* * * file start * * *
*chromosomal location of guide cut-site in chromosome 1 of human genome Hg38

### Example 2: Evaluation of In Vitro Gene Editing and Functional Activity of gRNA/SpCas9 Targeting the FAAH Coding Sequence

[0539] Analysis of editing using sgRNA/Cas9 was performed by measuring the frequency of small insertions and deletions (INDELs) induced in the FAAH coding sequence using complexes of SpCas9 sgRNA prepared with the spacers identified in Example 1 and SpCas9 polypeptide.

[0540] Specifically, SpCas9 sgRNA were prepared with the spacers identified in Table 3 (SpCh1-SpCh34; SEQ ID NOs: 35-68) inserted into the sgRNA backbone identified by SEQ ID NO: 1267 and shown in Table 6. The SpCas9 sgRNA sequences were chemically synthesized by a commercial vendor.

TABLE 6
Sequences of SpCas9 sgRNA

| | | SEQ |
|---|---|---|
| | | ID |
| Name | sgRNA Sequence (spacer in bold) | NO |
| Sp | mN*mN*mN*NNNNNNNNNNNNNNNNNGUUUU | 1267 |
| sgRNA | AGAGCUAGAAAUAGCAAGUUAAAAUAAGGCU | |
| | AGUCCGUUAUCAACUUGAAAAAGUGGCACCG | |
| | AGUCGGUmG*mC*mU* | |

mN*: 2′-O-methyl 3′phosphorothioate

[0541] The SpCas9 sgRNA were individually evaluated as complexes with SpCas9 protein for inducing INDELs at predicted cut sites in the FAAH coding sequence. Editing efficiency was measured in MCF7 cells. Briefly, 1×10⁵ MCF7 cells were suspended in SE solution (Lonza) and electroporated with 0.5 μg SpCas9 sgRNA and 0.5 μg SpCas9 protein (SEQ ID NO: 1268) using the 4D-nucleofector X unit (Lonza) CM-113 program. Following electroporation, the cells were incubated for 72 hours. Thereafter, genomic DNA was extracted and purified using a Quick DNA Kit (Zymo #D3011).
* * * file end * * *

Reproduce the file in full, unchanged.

*chromosomal location of guide cut-site in chromosome 1 of human genome Hg38

### Example 2: Evaluation of In Vitro Gene Editing and Functional Activity of gRNA/SpCas9 Targeting the FAAH Coding Sequence

[0539] Analysis of editing using sgRNA/Cas9 was performed by measuring the frequency of small insertions and deletions (INDELs) induced in the FAAH coding sequence using complexes of SpCas9 sgRNA prepared with the spacers identified in Example 1 and SpCas9 polypeptide.

[0540] Specifically, SpCas9 sgRNA were prepared with the spacers identified in Table 3 (SpCh1-SpCh34; SEQ ID NOs: 35-68) inserted into the sgRNA backbone identified by SEQ ID NO: 1267 and shown in Table 6. The SpCas9 sgRNA sequences were chemically synthesized by a commercial vendor.

TABLE 6
Sequences of SpCas9 sgRNA

| | | SEQ |
|---|---|---|
| | | ID |
| Name | sgRNA Sequence (spacer in bold) | NO |
| Sp | mN*mN*mN*NNNNNNNNNNNNNNNNNGUUUU | 1267 |
| sgRNA | AGAGCUAGAAAUAGCAAGUUAAAAUAAGGCU | |
| | AGUCCGUUAUCAACUUGAAAAAGUGGCACCG | |
| | AGUCGGUmG*mC*mU* | |

mN*: 2′-O-methyl 3′phosphorothioate

[0541] The SpCas9 sgRNA were individually evaluated as complexes with SpCas9 protein for inducing INDELs at predicted cut sites in the FAAH coding sequence. Editing efficiency was measured in MCF7 cells. Briefly, 1×10⁵ MCF7 cells were suspended in SE solution (Lonza) and electroporated with 0.5 μg SpCas9 sgRNA and 0.5 μg SpCas9 protein (SEQ ID NO: 1268) using the 4D-nucleofector X unit (Lonza) CM-113 program. Following electroporation, the cells were incubated for 72 hours. Thereafter, genomic DNA was extracted and purified using a Quick DNA Kit (Zymo #D3011).